Monday, August 2, 2010

On Paying Attention

Recently I was musing about the word "care" and all its many mutations. Care free, careful, etc., and one of the most interesting to me is that of "care less." There is "I could care less," which can genuinely mean complete disinterest in a subject, or "I could care less," as in "I'm bored with this silly subject, which is an older equivalent of the more modern "whatever." Many years ago I learned an important and difficult lesson about another form of care, which was that of carelessness.
Like most writers, I have my affectionate eccentricities. My most treasured is that whenever I write anything of any real importance, I use a fountain pen. Much younger readers may have to look it up, but most of us know the fountain pen to be that wonderful writing instrument whose parts include a cap, a barrel, and a nib and one must fill it up with ink from a bottle. There is a quality and feel of writing with a fountain pen that somehow connects me to some primal, organic experience of writing that no other writing instrument can do.
I have always kept a high quality fountain pen for the writing that really matters: journaling, letters (yes, I still write them), and birthday cards, etc. I never let anyone else use it and whenever there have been moves in my life (and there have been many), I always know at all times where two items can be found, any medications I required and of course, my fountain pen. Everything else could be lost in the process of the move, but those two items have always been guarded with my life. I swear if a person needed the aid of a writing tool to sign a check to me for a million dollars and my fountain pen were the only such item around, I know I would flinch at the imposition.
There was a period in my life during which I journaled faithfully on at least a daily basis and sometimes more, and of course, I would only do so with my fountain pen. I began having problems with the pen. The ink simply did not flow in that fluid way that is so magical with a fountain pen, and day by day it kept becoming worse. Finally, one morning despite being recently refilled it would barely write at all. I became quite frustrated, irritated, and downright angry. I was ready to toss the pen out altogher.
When the strain was almost more than could be tolerated, I had the "brilliant" idea of consulting the little instruction booklet that came with the pen. To my astonishment, the instructions, which I had never before read (because who needs help using a fountain pen?), pointed out that from time to time one must rinse the nib and the ink barrel in cold water in order to keep the pen functioning properly. I felt admonished and was quite sure I now knew the source of the problem. I stopped writing and went to the sink to carefully clean and rinse the pen.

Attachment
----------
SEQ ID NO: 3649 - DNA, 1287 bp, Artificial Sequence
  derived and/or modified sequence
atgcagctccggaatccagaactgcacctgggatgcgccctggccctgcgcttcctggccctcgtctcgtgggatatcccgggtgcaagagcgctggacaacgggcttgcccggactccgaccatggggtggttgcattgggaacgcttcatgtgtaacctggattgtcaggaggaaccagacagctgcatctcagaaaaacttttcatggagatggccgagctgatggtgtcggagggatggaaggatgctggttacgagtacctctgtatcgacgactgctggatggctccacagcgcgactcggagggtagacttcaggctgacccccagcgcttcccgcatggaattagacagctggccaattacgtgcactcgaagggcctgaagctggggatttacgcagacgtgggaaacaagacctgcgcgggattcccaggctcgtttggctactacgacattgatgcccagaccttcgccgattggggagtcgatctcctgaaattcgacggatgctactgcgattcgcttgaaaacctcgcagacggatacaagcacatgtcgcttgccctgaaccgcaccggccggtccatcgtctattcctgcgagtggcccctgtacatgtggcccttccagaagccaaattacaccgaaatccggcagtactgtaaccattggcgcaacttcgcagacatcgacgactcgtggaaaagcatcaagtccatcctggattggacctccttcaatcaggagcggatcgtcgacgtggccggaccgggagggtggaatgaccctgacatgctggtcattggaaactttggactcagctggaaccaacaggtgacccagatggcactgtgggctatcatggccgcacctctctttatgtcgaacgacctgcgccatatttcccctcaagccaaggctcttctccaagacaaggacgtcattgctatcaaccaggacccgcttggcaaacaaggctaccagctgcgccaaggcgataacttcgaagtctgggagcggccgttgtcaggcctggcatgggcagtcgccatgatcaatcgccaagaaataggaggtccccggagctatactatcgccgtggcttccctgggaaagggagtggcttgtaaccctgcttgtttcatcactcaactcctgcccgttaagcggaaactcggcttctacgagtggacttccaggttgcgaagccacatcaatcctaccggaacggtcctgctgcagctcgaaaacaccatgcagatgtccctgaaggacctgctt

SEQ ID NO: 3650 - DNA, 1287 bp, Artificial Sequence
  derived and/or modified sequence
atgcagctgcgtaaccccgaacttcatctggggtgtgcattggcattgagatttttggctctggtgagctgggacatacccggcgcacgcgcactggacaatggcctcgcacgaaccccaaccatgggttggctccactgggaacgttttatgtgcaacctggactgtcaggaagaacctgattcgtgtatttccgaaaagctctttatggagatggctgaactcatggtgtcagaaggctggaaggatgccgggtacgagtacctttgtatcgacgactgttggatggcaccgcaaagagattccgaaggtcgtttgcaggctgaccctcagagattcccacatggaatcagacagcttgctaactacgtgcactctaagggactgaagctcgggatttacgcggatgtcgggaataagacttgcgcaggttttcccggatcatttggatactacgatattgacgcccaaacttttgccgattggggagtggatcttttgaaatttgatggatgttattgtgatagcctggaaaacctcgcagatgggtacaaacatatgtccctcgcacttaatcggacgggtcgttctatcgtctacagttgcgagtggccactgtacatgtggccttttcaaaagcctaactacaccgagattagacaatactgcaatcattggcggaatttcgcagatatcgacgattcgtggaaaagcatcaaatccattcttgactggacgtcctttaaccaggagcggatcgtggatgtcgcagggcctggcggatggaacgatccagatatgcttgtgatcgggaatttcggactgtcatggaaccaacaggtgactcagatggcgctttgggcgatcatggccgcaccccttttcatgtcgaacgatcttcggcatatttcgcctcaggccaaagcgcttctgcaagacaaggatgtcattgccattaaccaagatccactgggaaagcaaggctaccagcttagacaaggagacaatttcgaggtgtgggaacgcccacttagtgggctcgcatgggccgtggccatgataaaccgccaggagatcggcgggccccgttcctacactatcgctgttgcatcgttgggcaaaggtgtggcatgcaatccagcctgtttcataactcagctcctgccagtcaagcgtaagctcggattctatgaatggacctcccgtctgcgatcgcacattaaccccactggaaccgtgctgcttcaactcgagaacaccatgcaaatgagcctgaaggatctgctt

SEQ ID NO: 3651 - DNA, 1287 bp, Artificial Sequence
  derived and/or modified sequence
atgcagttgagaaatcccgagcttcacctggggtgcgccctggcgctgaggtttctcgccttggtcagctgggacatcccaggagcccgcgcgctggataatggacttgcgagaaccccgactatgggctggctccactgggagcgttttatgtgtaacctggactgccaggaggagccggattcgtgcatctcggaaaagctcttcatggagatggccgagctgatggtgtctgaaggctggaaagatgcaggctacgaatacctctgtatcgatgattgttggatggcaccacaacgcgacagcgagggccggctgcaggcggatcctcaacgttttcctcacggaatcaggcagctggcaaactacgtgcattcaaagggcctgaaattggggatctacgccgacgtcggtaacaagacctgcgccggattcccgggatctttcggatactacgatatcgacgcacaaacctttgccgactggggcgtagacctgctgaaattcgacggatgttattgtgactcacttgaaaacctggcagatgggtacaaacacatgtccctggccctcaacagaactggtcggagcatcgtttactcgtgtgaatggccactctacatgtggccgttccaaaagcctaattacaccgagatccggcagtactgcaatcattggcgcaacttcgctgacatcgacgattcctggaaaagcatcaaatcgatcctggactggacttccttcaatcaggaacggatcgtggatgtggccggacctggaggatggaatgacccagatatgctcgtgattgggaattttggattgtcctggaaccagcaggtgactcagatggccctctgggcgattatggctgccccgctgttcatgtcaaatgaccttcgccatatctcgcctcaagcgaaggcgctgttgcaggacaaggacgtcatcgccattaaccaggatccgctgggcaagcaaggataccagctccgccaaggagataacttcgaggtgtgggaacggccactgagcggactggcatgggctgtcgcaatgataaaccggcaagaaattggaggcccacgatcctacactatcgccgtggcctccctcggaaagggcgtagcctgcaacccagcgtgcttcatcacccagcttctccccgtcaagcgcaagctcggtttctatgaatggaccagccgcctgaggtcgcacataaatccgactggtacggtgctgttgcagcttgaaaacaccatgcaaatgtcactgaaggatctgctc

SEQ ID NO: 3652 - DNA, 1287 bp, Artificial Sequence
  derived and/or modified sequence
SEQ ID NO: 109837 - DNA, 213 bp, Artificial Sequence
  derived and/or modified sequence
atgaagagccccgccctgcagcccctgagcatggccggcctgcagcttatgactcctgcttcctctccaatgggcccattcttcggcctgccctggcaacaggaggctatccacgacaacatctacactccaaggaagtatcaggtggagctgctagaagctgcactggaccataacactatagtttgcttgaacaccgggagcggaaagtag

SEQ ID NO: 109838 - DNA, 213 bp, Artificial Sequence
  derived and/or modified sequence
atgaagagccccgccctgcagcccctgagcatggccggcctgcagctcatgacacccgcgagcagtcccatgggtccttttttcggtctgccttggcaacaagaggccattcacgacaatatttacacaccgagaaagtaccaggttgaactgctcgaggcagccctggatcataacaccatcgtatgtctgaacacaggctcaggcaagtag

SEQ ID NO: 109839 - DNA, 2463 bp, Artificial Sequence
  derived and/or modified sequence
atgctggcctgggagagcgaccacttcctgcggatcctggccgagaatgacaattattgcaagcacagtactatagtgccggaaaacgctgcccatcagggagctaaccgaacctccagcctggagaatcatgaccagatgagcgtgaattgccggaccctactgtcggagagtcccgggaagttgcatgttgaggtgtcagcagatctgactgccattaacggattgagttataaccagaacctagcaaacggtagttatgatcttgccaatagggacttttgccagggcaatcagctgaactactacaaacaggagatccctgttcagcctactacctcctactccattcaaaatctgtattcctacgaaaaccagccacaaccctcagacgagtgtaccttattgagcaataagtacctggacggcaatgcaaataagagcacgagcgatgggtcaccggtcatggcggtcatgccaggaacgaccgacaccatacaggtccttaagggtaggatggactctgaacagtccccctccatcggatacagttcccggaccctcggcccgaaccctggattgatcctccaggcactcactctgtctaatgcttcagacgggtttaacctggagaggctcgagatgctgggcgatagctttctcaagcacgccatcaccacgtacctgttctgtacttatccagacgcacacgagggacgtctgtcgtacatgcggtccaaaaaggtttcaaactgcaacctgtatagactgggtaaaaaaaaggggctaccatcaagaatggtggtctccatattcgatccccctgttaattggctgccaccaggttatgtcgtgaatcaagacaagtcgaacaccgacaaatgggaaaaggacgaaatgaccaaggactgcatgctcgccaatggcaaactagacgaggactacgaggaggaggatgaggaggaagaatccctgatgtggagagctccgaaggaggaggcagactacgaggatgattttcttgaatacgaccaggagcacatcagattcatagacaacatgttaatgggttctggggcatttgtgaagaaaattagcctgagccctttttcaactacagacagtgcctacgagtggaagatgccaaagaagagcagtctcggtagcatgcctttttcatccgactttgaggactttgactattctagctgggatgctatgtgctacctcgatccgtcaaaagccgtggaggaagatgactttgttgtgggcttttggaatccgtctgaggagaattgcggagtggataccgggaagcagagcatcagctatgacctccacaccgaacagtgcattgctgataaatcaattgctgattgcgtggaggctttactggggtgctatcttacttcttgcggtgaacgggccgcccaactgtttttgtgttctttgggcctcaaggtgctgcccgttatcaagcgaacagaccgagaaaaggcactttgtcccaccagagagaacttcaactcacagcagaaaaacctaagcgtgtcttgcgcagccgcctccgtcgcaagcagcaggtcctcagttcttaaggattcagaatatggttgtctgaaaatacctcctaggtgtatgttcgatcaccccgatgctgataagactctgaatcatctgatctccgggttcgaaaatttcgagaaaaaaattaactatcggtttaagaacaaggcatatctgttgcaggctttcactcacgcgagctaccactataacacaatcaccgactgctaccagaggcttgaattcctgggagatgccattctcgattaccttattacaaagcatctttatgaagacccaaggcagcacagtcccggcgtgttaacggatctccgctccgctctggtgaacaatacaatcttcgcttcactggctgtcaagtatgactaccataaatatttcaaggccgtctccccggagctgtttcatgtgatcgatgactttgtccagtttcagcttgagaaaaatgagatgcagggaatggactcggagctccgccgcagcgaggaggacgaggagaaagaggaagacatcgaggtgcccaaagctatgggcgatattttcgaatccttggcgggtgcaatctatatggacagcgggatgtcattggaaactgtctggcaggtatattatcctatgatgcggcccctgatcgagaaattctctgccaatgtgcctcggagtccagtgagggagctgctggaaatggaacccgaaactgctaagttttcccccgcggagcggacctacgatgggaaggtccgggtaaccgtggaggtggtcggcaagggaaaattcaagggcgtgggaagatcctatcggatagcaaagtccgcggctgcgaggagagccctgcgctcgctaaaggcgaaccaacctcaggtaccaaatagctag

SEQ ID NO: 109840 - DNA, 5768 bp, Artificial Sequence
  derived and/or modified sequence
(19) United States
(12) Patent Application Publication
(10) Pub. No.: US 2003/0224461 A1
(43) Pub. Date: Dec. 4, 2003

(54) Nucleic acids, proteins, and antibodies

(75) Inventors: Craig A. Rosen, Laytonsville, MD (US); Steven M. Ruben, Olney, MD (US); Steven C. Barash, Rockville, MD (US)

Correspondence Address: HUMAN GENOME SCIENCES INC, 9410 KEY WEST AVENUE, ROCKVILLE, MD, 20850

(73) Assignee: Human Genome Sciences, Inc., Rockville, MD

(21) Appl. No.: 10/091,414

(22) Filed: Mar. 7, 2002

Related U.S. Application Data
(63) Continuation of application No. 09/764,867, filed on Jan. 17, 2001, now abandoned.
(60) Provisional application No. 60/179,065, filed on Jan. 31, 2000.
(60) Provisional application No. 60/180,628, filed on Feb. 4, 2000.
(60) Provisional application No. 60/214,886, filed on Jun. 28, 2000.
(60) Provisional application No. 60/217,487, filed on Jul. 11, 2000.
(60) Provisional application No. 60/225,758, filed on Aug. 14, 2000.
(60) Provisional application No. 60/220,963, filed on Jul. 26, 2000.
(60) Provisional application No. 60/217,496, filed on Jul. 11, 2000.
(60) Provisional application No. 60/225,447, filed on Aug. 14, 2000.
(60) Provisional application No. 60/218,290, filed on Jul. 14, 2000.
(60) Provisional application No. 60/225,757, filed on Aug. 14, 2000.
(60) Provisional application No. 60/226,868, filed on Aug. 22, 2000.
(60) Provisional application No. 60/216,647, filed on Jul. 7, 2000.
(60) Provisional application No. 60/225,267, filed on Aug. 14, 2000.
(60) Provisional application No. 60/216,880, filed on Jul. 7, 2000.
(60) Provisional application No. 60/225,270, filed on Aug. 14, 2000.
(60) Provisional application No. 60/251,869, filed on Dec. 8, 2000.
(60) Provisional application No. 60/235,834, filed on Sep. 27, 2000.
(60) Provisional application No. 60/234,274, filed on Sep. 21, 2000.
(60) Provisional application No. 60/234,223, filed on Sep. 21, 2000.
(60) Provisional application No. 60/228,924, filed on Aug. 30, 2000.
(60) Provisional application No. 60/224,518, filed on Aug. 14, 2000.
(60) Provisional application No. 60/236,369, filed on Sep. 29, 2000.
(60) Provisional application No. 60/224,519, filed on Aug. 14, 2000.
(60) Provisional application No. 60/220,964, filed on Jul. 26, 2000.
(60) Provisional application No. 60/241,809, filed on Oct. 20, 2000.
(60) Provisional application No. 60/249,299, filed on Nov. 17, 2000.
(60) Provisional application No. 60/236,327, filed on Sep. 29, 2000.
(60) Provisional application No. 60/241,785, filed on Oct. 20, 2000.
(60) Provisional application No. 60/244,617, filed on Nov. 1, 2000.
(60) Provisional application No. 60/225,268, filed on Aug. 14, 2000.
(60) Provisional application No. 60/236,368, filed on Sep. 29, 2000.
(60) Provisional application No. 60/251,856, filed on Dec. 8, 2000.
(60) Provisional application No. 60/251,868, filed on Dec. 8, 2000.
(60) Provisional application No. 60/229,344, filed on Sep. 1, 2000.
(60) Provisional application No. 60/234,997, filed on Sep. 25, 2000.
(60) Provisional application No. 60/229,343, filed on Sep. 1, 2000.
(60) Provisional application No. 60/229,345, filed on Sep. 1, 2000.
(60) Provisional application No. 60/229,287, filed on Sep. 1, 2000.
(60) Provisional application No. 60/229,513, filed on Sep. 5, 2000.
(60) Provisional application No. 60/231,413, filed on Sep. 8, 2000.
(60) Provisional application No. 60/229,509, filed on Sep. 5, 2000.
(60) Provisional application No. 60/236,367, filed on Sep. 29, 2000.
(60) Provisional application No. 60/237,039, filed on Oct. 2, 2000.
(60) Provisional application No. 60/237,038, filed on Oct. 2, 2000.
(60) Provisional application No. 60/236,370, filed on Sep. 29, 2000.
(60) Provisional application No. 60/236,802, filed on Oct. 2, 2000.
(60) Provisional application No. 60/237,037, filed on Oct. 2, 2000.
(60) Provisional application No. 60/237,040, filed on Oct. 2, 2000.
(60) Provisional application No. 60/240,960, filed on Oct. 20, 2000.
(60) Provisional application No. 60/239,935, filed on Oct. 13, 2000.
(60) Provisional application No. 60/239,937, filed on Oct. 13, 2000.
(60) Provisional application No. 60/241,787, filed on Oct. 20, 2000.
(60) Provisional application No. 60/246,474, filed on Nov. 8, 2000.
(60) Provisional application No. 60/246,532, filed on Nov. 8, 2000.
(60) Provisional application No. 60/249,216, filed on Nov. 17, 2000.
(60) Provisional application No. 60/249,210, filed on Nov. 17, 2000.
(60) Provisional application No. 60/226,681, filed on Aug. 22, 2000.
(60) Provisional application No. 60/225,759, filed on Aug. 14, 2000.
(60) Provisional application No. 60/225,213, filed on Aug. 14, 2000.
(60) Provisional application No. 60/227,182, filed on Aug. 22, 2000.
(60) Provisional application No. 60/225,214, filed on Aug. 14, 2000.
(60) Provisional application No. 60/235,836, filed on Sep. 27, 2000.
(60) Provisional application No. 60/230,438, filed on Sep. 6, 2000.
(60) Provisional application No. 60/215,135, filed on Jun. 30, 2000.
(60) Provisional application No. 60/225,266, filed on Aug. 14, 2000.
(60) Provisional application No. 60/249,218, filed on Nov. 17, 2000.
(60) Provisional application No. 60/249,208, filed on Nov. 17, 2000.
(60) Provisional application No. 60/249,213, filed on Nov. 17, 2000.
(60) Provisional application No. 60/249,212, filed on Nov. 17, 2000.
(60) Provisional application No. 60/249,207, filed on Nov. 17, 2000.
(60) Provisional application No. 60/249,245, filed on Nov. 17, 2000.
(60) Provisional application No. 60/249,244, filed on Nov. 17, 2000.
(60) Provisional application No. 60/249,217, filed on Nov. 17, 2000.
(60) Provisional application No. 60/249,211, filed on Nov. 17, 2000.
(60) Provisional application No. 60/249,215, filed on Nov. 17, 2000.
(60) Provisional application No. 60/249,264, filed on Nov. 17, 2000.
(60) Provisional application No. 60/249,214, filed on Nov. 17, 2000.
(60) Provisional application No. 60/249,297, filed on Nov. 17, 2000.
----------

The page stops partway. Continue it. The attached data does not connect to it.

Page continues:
Sure enough, the pen, when refilled with ink, resumed its marvelous contribution to the flow of words I was pouring out, and I realized I had been very careless with this thing I supposedly treasured. Of course, on the scale of problems in life that confront us, the workings of my fountain pen are in reality way on down the scale of importance. Yet my failure to take care of this pen made me stop to think about other valued parts of my life with which I had been careless - relationships, time, money, health, etc. I knew that if I were to think about it, I had often been neglectful of many things I, at least verbally, would have stated I valued a good deal more than that pen. How many other instructions had I failed to read and follow?
There are many public debates and private self assurances about what our values are. Yet I know that whenever I have done in inward "power point" presentation juxtaposing the stated values I held and the actual behaviors maintained, the lack of congruence has frequently been painfully obvious. It was a humbling lesson those many years ago. It is said that our time is our most important asset. That being said, however, how many works of art, relationships, and other so-called "values" have fallen by the wayside from neglect with no more than the flick of the remote control for the television, endless shopping for things we "need," or over-scheduled calendars and to-do lists?
I have been careless. I want to care more. I want to pay attention. Of course, it means that life will not be carefree, which it never is anyway, but as Janis Joplin sang, "Freedom's just another word for nothing left to lose." It is a startling awareness to realize that the way one actually spends one's time and resources can so little reflect what is really yearned for. I want to pay more attention to that inward power point presentation. I suspect it will be instructive.

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